Political Goals

The German Ober Ost (Oberbefehlshabers der gesamten deutschen Streitkräfte im Osten) administration of the First World War differed from other occupation authorities, such as those established in Warsaw or Brussels, particularly in the absence of a civilian rule. This special situation was due to the political intents of the leading Ober Ost figures and later heads of the Third OHL (Oberste Heeresleitung), Supreme Commander Paul von Hindenburg (1847-1934) and his chief of staff, Erich Ludendorff (1865-1937).

While government and parliamentary circles aimed to seize control of the German occupation policy in Eastern Europe and install an informal rule over the former western provinces of the Tsarist Empire, the military leaders, backed by conservative and nationalistic pressure groups, preferred an extra-constitutional “military state”.[1] This settlement colony was supposed to balance any democratic trends in the German Empire in the long run. As dukedoms or kingdoms, the Baltic Provinces and Lithuania were to be linked to Germany only in the form of a personal union, conducted by Wilhelm II, German Emperor (1859-1941) himself. In this way, any influences of democratic institutions were to be contained.

Cultural Mission and Economic Plunder

Like comparable colonial projects overseas, Ober Ost could be seen as an experimental field, where the native inhabitants in particular were used as test objects for new societal ideas. The German self-definition of Ober Ost interior politics as a cultural mission ("Kulturmission")[2] and the massive use of force towards the different ethnic groups, including notably the Eastern European Jews, emphasize this impetus.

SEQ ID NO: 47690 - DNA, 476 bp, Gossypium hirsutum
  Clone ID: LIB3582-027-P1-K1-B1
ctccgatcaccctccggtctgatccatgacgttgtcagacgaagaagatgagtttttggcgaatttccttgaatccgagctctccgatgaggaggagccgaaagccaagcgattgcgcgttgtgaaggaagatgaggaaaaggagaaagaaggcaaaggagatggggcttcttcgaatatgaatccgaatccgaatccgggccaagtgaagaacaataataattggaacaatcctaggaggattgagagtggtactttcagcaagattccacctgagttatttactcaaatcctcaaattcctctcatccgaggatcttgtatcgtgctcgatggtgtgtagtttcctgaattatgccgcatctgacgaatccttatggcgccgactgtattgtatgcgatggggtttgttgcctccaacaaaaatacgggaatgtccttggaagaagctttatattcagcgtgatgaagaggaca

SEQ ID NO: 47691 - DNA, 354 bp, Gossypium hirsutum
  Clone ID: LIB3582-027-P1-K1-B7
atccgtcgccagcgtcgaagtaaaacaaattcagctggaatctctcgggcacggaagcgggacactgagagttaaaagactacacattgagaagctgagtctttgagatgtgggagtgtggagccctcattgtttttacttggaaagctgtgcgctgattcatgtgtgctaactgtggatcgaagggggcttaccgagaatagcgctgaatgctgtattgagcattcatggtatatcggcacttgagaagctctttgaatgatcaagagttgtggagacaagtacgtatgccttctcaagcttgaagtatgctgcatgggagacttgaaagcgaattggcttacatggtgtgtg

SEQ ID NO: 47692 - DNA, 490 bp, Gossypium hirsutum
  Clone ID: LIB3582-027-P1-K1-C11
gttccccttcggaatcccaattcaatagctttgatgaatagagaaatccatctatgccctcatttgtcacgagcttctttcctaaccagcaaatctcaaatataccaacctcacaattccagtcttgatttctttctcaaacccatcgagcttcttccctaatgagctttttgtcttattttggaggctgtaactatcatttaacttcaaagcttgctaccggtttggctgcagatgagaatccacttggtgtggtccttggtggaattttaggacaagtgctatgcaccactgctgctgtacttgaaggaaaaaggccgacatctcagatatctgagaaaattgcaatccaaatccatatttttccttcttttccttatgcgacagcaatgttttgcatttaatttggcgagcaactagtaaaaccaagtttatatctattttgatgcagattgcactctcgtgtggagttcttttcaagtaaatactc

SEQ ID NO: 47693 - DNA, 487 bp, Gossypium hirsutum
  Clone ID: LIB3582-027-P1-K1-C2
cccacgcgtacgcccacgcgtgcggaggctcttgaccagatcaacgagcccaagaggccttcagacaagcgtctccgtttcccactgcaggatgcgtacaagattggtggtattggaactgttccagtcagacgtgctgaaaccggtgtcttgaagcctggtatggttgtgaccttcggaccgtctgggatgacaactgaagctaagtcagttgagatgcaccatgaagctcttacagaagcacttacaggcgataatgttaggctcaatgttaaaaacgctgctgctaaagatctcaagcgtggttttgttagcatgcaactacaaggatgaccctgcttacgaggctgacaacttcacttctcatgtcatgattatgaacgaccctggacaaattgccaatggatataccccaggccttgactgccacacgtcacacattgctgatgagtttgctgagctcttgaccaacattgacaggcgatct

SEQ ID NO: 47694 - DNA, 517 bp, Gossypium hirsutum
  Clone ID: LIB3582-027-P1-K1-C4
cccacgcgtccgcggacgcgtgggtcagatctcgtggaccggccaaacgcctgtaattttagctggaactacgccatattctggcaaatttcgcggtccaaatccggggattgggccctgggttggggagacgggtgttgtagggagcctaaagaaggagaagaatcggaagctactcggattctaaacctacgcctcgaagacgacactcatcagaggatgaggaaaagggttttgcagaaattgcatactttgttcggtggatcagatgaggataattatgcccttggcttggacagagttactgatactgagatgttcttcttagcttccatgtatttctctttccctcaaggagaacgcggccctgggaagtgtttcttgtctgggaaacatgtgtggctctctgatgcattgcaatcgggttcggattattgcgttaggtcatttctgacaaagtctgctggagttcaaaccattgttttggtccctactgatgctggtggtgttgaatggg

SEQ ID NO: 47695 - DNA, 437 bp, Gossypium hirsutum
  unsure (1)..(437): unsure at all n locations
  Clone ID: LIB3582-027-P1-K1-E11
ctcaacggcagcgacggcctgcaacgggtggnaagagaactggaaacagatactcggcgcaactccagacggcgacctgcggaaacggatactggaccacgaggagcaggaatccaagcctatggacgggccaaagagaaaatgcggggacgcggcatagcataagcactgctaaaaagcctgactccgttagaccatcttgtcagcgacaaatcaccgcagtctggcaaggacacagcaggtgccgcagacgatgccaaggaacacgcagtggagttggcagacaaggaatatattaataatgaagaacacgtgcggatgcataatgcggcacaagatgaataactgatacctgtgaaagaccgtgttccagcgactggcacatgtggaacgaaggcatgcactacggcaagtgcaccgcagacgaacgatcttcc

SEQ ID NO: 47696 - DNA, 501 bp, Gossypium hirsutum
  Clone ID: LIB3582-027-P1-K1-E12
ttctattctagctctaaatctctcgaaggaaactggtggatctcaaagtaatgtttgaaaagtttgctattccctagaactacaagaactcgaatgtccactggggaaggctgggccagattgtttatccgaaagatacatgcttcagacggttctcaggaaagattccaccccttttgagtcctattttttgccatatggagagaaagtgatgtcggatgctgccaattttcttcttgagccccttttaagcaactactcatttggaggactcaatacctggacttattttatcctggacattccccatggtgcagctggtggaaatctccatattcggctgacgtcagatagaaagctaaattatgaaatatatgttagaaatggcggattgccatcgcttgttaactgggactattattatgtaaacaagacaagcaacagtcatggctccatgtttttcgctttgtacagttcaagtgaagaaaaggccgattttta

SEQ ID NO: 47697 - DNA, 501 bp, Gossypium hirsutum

Despite these efforts to create a model colony, a main function of Ober Ost was to supply not only the eastern armies with food and goods but also to help the home front with any type of raw materials needed. Forced labour and requisitions caused thousands of deaths, destroyed the local economic base and undermined all attempts to win the population.

Internal Structures

The Ober Ost territory reached its largest size after the German advance in March 1918, when German forces conquered Livonia and Estonia from the Red Army. Between the autumn of 1915 and 1917, the Eastern Front was characterized by a relative balance of power between the Russian Empire and the Central Powers. During this time, the German frontline ran from south of Riga in the north to the Rokitno Marshes in the south. The main Ober Ost territories included about 110,000 square kilometres with a population of approximately 3 million inhabitants.[3]

After the first great gains of territory in the summer offensive of 1915 and the conversion of Congress Poland into a civilian governorate, Ludendorff transformed the different army administrations into permanent local occupation authorities. After several rearrangements, three great districts, subjected to one respective army major, were formed: the German Military Administrations (Deutsche Militärverwaltung) of Kurland, Lithuania and Bialystok-Grodno.

Each of these districts were divided into smaller counties, led by captain's rank. Rising pressure from the Reichstag and the German government forced Ludendorff to restructure the solely military central administration (Hauptverwaltung) he had created above the district level, and add a civil chief administrator. Different departments (e.g. interior, education, economy) adopted the political ordinances for the district levels and published them in the official law gazette (Befehls- und Verordnungsblatt) of the Ober Ost administration. The code of administrative regulations (Verwaltungsordnung) served as the informal Ober Ost constitution.

Brest-Litovsk and Dissolution

During the peace negotiations of Brest-Litovsk in 1918, the right of self-determination became a popular demand that put Hindenburg and Ludendorff’s plans under pressure. Especially the German secretary of state, Richard von Kühlmann (1873-1948), tried to use the growing public interest in Germany’s eastern policy to lend it a more liberal appearance. As a result, the military authorities were forced to ease the strict rule in Ober Ost and allow the corporate bodies (Landesräte) in Kurland and Lithuania, already selected in 1917, to participate in the political discussion. Landesräte were established in Livonia and Estonia in 1918. Since these bodies never reached a serious level of sovereignty, all attempts to bind the emerging Baltic States after the German defeat in November 1918 failed.

Kai-Achim Klare, Albert-Ludwigs-Universität Freiburg

Section Editor: Christoph Nübel